Along with the Alana Dung Research Foundation her parents created, part of Alana's legacy is that over 100 patients have been given a second chance at life by finding a donor from amongst those who registered to help her. Someday that number will certainly be in the hundreds or even thousands as each new day brings new diagnoses and new patients all around the world who will continue to benefit from those who joined the registry to help this precious little girl.
"The timing of this event during the Thanksgiving season made me think more and more how thankful I am for Scott’s gift and hopefully our message can reach more people to sign up for the National Bone Marrow Registry to help give the gift of life to others as Scott did through the Alana Dung registry in 1998. I cannot thank Scott enough. Spending time with Scott and his family showed me what great, giving people they are. Scott and I talked about anything we can do to get our story communicated to others to encourage them to sign up for the Bone Marrow Registry will hopefully help others in the future. I know just from the stem cell drives that were held when I was diagnosed have at least three people to date who have been donors and another two that have been called to be possible donors.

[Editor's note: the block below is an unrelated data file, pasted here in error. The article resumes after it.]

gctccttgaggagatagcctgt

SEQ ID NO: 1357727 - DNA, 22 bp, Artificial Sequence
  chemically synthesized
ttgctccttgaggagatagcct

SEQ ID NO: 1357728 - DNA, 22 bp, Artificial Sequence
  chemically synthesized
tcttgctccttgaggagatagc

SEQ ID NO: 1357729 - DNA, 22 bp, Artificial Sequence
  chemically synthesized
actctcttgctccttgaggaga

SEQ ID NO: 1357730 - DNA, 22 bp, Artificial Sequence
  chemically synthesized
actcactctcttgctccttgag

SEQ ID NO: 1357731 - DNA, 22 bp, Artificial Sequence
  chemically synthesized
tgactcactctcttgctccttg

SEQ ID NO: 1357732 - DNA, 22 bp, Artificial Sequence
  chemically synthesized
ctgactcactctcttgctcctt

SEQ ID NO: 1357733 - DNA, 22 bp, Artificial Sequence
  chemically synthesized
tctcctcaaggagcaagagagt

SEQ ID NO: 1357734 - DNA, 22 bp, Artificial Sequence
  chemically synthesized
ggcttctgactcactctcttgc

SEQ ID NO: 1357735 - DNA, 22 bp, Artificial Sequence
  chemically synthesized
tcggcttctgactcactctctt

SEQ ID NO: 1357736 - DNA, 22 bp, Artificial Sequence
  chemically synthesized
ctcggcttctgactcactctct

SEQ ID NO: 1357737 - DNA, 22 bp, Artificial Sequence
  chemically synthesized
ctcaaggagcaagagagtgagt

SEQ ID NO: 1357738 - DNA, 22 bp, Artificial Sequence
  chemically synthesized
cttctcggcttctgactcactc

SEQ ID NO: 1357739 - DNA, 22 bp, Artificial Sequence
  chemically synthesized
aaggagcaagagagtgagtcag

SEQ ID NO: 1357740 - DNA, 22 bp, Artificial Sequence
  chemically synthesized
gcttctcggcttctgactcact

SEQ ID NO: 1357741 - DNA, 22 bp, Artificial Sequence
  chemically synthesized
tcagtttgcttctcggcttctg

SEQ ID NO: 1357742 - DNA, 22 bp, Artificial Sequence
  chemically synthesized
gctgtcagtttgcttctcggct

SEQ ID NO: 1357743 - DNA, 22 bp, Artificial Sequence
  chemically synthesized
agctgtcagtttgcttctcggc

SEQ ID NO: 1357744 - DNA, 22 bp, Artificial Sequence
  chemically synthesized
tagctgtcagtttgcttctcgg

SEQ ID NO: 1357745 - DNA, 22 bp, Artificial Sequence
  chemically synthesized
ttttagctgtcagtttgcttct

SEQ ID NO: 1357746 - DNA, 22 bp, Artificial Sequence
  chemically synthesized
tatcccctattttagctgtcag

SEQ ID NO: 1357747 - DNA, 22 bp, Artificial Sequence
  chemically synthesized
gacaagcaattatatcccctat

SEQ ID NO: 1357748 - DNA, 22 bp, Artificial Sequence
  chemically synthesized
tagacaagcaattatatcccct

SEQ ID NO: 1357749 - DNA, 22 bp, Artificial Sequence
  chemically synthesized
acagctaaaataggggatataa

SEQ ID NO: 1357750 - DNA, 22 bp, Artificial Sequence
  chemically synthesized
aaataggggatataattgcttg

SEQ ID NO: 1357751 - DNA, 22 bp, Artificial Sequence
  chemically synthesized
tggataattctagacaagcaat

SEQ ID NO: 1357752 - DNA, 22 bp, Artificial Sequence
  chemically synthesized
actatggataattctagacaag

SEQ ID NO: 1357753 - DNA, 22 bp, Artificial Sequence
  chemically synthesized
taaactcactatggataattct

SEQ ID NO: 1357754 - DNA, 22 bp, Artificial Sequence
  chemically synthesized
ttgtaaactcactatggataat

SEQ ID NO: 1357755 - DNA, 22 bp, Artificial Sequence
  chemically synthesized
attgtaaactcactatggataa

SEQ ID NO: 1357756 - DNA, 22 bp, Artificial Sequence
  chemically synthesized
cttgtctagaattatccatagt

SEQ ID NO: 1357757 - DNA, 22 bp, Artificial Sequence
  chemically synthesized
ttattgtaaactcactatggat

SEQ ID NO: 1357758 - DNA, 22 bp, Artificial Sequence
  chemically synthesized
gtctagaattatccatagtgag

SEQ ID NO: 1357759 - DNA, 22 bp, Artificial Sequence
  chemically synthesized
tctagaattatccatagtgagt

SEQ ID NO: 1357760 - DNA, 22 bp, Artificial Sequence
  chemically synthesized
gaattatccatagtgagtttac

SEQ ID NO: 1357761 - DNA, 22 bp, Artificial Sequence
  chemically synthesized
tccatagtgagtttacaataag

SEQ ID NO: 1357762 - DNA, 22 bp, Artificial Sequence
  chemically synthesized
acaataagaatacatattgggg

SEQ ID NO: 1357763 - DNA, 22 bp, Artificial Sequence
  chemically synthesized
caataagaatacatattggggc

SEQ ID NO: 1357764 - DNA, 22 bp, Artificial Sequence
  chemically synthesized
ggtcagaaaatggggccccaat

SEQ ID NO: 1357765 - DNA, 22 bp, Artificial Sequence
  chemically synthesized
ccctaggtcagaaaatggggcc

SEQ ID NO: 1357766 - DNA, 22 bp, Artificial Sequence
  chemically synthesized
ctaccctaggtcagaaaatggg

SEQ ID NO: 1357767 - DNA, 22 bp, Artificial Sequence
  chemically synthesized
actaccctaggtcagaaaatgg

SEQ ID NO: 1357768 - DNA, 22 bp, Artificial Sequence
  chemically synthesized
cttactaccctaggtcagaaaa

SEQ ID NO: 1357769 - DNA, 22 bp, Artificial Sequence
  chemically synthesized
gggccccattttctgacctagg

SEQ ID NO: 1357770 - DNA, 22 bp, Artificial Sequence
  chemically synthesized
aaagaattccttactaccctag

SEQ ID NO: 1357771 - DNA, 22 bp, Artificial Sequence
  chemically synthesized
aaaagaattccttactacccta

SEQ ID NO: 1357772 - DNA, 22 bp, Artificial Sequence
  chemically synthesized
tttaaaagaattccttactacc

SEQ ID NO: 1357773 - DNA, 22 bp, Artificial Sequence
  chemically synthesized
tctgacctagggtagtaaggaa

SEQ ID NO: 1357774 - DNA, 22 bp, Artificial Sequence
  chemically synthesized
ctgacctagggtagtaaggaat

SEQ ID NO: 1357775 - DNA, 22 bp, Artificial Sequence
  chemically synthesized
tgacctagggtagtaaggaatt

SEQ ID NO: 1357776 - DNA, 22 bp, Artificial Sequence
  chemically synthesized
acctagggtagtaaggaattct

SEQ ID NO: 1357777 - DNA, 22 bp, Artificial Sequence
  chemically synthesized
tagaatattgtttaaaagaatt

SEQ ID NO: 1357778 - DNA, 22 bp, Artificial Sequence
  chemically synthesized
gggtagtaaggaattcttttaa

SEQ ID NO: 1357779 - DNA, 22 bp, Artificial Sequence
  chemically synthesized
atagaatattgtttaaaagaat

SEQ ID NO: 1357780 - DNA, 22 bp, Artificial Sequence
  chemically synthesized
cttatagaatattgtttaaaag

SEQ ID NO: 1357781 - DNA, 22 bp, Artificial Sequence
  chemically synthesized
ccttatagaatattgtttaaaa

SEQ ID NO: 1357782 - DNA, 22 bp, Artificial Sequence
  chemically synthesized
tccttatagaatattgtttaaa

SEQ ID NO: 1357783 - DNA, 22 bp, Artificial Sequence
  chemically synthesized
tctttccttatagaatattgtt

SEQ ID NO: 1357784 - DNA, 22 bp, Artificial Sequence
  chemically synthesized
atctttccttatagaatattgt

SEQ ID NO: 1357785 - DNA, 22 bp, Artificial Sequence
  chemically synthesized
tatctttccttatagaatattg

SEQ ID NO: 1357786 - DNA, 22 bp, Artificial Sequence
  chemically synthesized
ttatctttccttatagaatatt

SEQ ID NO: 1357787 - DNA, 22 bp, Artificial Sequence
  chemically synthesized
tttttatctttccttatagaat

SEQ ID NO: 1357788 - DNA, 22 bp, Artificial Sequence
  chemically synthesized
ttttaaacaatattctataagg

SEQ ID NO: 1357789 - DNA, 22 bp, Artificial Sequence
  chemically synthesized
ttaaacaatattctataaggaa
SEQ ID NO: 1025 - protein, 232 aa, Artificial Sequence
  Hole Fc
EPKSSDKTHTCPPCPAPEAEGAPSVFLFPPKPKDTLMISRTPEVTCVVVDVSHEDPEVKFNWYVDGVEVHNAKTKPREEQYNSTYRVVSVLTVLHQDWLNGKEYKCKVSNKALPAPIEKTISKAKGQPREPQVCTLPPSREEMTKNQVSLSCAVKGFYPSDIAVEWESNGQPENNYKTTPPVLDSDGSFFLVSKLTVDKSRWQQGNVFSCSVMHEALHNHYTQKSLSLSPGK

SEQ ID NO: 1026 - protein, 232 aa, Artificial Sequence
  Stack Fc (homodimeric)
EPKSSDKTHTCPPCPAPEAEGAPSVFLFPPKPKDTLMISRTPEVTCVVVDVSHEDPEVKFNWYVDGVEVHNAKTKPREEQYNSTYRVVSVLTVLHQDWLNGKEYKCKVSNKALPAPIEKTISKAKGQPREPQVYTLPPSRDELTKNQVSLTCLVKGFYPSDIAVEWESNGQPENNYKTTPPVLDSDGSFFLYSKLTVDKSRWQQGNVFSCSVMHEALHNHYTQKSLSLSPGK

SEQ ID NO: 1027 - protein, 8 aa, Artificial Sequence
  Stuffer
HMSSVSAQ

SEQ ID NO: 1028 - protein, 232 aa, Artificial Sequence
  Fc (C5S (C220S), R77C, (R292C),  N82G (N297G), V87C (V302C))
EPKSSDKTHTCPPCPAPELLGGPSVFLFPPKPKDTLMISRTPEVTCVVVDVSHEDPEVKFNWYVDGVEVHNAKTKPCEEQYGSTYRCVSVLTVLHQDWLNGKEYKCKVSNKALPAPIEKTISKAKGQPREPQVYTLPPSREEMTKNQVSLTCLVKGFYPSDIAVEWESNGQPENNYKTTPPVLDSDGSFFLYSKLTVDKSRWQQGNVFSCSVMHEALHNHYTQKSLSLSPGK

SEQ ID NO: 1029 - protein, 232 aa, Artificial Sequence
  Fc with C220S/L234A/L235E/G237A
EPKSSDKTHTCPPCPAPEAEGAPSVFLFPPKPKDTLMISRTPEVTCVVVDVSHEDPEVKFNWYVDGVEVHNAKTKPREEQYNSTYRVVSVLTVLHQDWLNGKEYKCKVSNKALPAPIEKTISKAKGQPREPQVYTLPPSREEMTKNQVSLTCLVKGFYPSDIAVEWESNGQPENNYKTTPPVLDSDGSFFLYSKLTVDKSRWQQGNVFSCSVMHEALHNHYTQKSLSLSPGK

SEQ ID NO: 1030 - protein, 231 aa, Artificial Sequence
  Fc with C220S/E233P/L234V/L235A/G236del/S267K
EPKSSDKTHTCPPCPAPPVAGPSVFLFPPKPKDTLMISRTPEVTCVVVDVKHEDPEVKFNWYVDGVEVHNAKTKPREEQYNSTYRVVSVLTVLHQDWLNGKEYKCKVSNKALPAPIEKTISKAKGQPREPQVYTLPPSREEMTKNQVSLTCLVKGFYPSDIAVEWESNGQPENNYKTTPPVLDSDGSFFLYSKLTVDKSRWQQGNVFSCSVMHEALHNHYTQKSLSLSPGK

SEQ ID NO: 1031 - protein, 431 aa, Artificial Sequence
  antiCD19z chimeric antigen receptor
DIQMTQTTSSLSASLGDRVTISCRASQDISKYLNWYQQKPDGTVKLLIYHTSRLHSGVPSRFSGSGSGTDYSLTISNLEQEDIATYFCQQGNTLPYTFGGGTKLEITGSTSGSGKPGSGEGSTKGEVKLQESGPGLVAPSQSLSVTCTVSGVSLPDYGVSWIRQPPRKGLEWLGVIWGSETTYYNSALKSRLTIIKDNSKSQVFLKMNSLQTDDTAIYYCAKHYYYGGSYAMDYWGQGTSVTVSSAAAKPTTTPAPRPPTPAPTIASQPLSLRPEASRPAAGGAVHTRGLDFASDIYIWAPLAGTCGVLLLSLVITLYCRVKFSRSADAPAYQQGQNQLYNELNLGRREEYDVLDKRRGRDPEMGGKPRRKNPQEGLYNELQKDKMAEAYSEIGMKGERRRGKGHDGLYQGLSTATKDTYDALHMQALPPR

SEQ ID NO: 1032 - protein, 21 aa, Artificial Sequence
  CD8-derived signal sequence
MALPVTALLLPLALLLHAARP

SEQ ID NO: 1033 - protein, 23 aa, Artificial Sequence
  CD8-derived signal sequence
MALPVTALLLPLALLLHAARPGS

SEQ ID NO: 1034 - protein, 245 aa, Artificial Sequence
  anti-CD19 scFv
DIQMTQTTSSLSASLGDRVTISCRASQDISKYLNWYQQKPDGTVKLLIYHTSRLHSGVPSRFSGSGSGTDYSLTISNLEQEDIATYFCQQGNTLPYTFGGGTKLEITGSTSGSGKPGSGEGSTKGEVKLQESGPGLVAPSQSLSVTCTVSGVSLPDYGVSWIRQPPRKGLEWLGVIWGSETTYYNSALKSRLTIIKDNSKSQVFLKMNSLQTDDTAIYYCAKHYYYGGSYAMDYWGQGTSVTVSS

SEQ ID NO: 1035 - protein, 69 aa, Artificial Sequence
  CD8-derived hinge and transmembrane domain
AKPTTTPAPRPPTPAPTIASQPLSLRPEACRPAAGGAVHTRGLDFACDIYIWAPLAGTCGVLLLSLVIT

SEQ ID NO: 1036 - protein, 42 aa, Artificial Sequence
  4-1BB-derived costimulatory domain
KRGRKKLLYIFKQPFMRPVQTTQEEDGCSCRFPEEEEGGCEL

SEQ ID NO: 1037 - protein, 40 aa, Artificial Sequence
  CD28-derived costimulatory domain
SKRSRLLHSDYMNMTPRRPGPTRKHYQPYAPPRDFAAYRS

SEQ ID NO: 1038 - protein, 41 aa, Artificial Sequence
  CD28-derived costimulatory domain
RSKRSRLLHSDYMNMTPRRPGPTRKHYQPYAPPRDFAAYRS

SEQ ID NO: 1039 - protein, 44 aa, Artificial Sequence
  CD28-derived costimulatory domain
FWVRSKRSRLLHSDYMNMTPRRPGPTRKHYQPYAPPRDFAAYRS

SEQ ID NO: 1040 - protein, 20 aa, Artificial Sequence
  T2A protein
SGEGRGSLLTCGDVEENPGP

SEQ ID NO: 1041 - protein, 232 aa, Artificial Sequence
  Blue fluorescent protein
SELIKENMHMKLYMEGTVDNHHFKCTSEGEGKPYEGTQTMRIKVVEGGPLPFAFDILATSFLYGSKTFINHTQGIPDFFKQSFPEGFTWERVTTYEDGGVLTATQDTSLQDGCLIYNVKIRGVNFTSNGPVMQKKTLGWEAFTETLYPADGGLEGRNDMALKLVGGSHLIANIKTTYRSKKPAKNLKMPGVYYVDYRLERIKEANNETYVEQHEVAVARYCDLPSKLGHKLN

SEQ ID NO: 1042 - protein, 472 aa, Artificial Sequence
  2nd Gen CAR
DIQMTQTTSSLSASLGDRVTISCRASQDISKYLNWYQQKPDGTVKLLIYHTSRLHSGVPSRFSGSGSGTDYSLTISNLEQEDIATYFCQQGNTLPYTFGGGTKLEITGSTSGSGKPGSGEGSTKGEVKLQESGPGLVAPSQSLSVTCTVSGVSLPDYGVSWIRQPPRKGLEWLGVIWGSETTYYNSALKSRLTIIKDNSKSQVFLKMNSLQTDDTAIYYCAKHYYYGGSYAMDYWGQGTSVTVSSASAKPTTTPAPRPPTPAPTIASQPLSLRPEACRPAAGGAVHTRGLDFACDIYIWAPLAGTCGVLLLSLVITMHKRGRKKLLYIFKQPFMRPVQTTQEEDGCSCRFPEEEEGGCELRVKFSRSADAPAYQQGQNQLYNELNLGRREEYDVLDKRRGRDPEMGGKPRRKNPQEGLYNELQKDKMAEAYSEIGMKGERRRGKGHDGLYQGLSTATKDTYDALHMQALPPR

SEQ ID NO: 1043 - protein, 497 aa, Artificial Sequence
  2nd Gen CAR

Mahalo to Scott!
Next are excerpts from Scott's point of view from The Gift Of Life Through Marrow on Midweek.com by Yu Shing Ting:
"Kikiloi, 36, says he has no regrets on becoming a donor, but admits it was not an easy choice at first. He just needed a better understanding of the process. He also had a lot going on at the time with a “pretty demanding” job at Kamehameha Schools as cultural assets manager, and working on his Ph.D in archaeology at the University of Hawaii.
Scott donating his stem cells by PBSC to help Tami.
There also was a trip he was planning to the Northwestern Hawaiian Islands for his dissertation on two of the islands there, which was not easy to coordinate. “I would be on these islands in the middle of the ocean for about a month to survey the site and get samples,” explains Kikiloi, who grew up in Kaneohe and lives in Manoa. “It’s really rugged, difficult islands to live on (about 300 miles away), so I needed to be in good health. If there was an accident or if you needed medical attention your life could be at risk."
Scott, his wife, parents, sister and brother in-law.